• What our average conversion rate is for sales leads
  • How many sales calls we made last month/quarter/year
  • How many touch points we had with each lead last month/quarter/year

This data can help us to understand whether the problem lies with the quality of our leads, our sales process, or something else entirely.

 

8. Take action to eliminate the root cause permanently

Once you feel like you've figured out the root cause of your problem, it's time to take action to fix it. This might mean making changes to your product, your processes, or your team.

Whatever you decide, make sure that you have a plan in place for addressing the real issue so that you can see lasting results. Your plan should be documented and available to anyone involved in executing it.

I recommend breaking your plan down into bite-size steps that you can clearly state. Make sure each step has a due date and someone is accountable for it.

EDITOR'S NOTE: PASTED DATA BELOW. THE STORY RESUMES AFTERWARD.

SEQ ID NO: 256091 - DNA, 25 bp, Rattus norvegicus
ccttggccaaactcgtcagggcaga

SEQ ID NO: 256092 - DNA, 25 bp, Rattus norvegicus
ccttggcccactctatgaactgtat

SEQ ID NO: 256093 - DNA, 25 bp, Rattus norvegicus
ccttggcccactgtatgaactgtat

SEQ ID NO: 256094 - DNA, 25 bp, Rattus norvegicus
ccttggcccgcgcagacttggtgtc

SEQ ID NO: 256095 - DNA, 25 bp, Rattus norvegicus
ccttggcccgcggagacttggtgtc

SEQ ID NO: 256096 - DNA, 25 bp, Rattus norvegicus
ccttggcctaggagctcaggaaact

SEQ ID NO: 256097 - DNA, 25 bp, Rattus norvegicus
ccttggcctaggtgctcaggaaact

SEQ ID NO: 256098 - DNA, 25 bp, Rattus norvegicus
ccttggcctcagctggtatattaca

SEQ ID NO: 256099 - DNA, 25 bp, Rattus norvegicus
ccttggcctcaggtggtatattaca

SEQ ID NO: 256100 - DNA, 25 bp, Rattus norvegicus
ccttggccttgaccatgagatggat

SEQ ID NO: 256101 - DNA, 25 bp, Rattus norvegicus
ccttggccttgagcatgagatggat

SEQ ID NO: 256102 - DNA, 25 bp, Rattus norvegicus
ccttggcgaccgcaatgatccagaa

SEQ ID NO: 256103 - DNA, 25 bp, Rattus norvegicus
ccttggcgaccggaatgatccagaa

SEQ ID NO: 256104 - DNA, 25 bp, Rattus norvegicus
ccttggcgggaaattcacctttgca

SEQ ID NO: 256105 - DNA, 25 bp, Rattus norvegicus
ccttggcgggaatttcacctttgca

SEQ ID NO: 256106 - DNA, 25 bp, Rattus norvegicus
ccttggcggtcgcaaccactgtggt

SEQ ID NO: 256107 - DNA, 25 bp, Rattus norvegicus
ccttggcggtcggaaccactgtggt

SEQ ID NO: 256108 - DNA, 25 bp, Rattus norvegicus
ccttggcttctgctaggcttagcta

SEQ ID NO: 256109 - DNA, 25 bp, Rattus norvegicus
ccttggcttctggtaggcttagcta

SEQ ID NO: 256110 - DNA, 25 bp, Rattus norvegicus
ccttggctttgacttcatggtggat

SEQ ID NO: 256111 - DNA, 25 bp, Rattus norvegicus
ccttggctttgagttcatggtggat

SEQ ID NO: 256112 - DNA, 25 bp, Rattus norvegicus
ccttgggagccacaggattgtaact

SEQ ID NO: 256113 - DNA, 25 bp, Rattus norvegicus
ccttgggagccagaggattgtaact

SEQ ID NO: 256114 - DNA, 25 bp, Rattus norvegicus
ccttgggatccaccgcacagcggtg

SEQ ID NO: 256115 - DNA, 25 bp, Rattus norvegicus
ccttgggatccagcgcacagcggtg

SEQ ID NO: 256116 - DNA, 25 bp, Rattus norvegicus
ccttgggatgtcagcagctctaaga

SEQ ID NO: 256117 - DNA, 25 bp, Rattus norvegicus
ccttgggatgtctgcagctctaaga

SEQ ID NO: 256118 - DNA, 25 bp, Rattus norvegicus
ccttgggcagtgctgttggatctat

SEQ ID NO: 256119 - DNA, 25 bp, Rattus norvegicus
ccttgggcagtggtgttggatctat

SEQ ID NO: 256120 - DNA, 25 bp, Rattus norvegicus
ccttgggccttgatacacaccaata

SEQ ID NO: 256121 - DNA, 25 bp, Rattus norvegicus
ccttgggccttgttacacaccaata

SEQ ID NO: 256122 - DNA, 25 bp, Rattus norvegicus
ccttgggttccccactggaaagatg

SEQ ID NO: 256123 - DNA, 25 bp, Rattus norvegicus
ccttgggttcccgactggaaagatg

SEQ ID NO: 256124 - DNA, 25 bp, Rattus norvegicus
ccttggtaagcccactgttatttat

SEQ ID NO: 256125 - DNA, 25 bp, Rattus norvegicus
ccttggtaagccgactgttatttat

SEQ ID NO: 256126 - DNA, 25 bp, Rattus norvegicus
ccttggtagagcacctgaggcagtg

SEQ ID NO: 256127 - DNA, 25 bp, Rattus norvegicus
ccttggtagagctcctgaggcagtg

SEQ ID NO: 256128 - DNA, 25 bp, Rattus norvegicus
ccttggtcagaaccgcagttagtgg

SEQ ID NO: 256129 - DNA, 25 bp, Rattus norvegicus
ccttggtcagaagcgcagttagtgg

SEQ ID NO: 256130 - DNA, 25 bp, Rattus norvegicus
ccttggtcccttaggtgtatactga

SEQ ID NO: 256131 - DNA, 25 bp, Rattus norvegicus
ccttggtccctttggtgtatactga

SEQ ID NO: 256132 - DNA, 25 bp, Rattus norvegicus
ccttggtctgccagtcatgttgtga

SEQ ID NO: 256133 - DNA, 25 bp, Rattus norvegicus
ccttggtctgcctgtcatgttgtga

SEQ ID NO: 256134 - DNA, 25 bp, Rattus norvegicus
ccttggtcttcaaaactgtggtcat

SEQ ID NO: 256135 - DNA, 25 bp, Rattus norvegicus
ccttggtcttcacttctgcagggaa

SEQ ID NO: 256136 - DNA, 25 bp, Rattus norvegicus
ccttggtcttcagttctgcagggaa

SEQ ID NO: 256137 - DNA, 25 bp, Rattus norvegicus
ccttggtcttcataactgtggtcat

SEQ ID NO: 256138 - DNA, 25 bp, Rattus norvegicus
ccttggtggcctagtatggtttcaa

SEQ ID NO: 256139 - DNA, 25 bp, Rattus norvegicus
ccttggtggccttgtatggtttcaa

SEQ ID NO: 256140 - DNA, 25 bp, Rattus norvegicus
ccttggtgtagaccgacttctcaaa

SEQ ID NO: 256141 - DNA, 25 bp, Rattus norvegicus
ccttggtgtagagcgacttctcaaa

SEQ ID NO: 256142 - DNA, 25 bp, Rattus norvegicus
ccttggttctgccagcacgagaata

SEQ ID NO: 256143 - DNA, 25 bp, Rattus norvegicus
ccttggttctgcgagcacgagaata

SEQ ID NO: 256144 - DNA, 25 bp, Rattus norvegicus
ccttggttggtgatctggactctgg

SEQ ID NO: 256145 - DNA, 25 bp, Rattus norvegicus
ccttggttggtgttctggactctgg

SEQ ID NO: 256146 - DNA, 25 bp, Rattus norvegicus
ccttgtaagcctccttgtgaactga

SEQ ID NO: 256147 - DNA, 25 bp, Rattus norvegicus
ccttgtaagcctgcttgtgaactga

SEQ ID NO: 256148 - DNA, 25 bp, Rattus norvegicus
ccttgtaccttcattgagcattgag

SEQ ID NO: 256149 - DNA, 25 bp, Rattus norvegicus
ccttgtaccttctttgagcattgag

Yes, I know if you're a solo business owner you are taking it all on, but being accountable for something doesn't mean you have to do it. You just have to make sure it gets done. You might need to figure out how to delegate or outsource certain steps to hit your goal.

Remember, we're trying to eliminate the root for good so we never have to deal with it again. What is that worth to you?

 

9. Monitor the situation and adjust as needed

Finally, once you've taken action to address the root cause of your problem, it's important to keep an eye on things and make sure that the problem doesn't crop up again. You might need to make some adjustments along the way to ensure that everything is running smoothly.